And what they always try to make sure is that a store gets a refreshed range every week, but they try to always give them slightly less than they actually need, because one, it encourages the consumer to buy it when they see it, but second, it means there’s no inventory leftover to minimise the supply chain waste. The reason they can get, not away with it, but the reason it works so successfully for them is that next week they replenish with a new, exciting product. And so it creates quite a exciting and dynamic retail model, where consumers want to go to those stores and buy things when they see them.
But it also creates a very efficient supply chain that’s not exploitative of people within their base. So it’s really, really important to think about the different types of events, the different types of demand patterns that they create, and then how we then configure our supply chain to respond. But equally, tying into the first block, is very important for businesses to actually think about their strategy. You know, how do they create demand, and fulfill demand, and how do they lift that bar higher and lead to the possible growth.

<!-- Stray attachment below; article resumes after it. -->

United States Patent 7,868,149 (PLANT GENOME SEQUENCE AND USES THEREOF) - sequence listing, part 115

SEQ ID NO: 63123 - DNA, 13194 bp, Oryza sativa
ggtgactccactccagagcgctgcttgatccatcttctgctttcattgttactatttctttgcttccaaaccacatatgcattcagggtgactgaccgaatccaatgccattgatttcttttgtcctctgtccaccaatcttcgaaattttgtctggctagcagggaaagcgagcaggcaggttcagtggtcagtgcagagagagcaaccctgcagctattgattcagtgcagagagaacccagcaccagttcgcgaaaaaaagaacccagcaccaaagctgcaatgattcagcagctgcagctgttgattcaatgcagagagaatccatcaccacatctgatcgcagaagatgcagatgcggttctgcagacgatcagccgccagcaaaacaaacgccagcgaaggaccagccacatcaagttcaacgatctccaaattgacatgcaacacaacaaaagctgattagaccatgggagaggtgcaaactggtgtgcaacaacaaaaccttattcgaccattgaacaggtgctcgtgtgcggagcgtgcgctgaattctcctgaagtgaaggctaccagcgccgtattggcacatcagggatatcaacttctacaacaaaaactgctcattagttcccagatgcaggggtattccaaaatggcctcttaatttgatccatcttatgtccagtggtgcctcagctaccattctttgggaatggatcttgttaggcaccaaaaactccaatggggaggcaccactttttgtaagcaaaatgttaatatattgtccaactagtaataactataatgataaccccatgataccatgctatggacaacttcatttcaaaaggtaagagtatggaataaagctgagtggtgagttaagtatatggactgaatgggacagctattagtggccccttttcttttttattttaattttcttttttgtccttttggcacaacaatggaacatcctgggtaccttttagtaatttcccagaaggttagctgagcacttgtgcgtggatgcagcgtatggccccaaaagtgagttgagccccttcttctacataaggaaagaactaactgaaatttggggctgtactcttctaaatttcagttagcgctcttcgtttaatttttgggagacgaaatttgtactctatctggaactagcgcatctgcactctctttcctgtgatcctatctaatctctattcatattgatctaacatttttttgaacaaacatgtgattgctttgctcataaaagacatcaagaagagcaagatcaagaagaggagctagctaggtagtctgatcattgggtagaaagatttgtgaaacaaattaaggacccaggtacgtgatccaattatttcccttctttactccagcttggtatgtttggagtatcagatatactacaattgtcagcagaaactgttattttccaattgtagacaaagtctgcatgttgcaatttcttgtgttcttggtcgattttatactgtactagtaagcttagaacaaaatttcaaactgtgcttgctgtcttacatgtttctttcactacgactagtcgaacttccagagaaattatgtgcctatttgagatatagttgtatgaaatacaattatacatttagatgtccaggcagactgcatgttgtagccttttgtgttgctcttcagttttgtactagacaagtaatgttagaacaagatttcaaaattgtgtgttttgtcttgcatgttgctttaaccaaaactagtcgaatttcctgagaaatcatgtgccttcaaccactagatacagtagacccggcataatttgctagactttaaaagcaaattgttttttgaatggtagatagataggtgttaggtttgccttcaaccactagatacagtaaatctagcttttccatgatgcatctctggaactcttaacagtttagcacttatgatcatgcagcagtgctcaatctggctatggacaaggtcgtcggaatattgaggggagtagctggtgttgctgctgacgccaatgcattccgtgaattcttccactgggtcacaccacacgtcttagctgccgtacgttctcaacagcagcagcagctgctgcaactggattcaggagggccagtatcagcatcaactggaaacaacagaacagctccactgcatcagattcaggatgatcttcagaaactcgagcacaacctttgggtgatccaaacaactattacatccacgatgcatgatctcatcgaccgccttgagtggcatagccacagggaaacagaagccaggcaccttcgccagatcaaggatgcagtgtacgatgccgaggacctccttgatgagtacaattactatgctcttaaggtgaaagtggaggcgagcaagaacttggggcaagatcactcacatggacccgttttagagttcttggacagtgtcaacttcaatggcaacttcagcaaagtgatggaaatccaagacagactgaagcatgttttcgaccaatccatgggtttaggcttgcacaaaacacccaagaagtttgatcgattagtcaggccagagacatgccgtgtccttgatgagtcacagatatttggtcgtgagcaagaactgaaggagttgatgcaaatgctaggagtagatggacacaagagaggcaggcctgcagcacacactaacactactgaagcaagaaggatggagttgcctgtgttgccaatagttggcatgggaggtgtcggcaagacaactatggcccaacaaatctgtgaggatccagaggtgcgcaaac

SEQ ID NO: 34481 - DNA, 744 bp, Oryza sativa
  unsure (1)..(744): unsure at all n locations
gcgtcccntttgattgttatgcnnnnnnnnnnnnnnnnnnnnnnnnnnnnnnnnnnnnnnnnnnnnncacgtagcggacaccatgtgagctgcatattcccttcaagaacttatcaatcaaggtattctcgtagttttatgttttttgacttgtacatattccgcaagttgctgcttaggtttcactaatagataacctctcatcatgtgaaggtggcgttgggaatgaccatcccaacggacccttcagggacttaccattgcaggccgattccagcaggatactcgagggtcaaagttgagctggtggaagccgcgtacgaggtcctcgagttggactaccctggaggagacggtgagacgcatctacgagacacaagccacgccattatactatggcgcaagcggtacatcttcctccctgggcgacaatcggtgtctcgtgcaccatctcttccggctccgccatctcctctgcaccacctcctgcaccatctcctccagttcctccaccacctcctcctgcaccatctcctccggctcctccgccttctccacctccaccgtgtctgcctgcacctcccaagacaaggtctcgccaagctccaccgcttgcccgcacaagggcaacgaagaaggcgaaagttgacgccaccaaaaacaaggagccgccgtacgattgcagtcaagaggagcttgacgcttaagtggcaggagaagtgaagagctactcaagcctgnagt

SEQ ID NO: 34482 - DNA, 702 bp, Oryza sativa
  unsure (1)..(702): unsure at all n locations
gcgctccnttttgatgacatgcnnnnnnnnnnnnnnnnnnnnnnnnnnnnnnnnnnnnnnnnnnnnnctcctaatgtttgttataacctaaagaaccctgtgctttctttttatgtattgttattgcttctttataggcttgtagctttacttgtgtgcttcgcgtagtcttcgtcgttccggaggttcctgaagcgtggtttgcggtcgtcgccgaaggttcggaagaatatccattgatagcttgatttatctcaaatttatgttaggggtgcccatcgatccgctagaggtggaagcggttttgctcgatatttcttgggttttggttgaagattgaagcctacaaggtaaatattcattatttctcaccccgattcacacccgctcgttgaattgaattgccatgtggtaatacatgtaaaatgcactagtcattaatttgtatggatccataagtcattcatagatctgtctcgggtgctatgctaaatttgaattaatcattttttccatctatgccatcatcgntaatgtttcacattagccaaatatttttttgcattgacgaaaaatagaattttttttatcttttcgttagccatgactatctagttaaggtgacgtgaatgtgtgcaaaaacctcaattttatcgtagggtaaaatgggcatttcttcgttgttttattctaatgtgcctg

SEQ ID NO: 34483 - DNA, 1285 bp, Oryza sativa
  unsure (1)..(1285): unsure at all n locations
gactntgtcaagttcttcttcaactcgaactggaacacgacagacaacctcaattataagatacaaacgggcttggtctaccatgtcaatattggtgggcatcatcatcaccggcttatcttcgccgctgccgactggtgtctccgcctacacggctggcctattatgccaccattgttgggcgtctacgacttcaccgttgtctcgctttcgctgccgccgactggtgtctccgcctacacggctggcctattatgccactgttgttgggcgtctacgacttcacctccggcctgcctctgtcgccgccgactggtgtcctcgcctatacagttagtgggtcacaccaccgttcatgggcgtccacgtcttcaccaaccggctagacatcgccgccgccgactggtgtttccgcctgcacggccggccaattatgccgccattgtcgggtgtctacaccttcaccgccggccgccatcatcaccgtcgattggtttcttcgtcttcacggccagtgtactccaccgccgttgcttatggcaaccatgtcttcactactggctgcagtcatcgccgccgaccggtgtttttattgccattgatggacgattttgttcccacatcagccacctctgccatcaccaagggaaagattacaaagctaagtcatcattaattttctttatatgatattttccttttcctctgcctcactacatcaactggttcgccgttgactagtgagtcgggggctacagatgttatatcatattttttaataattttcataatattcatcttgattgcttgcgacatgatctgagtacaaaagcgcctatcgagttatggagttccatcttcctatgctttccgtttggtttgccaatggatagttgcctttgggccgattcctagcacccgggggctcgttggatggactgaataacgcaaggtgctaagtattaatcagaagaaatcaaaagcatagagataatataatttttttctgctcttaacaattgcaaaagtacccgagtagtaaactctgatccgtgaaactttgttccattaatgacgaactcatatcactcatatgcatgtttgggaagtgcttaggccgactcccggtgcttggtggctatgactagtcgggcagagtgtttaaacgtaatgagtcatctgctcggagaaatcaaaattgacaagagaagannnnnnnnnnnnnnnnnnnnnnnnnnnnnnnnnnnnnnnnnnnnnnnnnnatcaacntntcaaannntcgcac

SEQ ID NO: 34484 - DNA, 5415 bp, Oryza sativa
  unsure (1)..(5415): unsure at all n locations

ZAKIAH SUHAIMI: All right. Interesting discussion though. All right, so moving on to the third block, data-driven supply chain. So we could see that some of the learners noticed the emergence of IoT in driving data. So what are the key learnings that they can get from this data-driven block?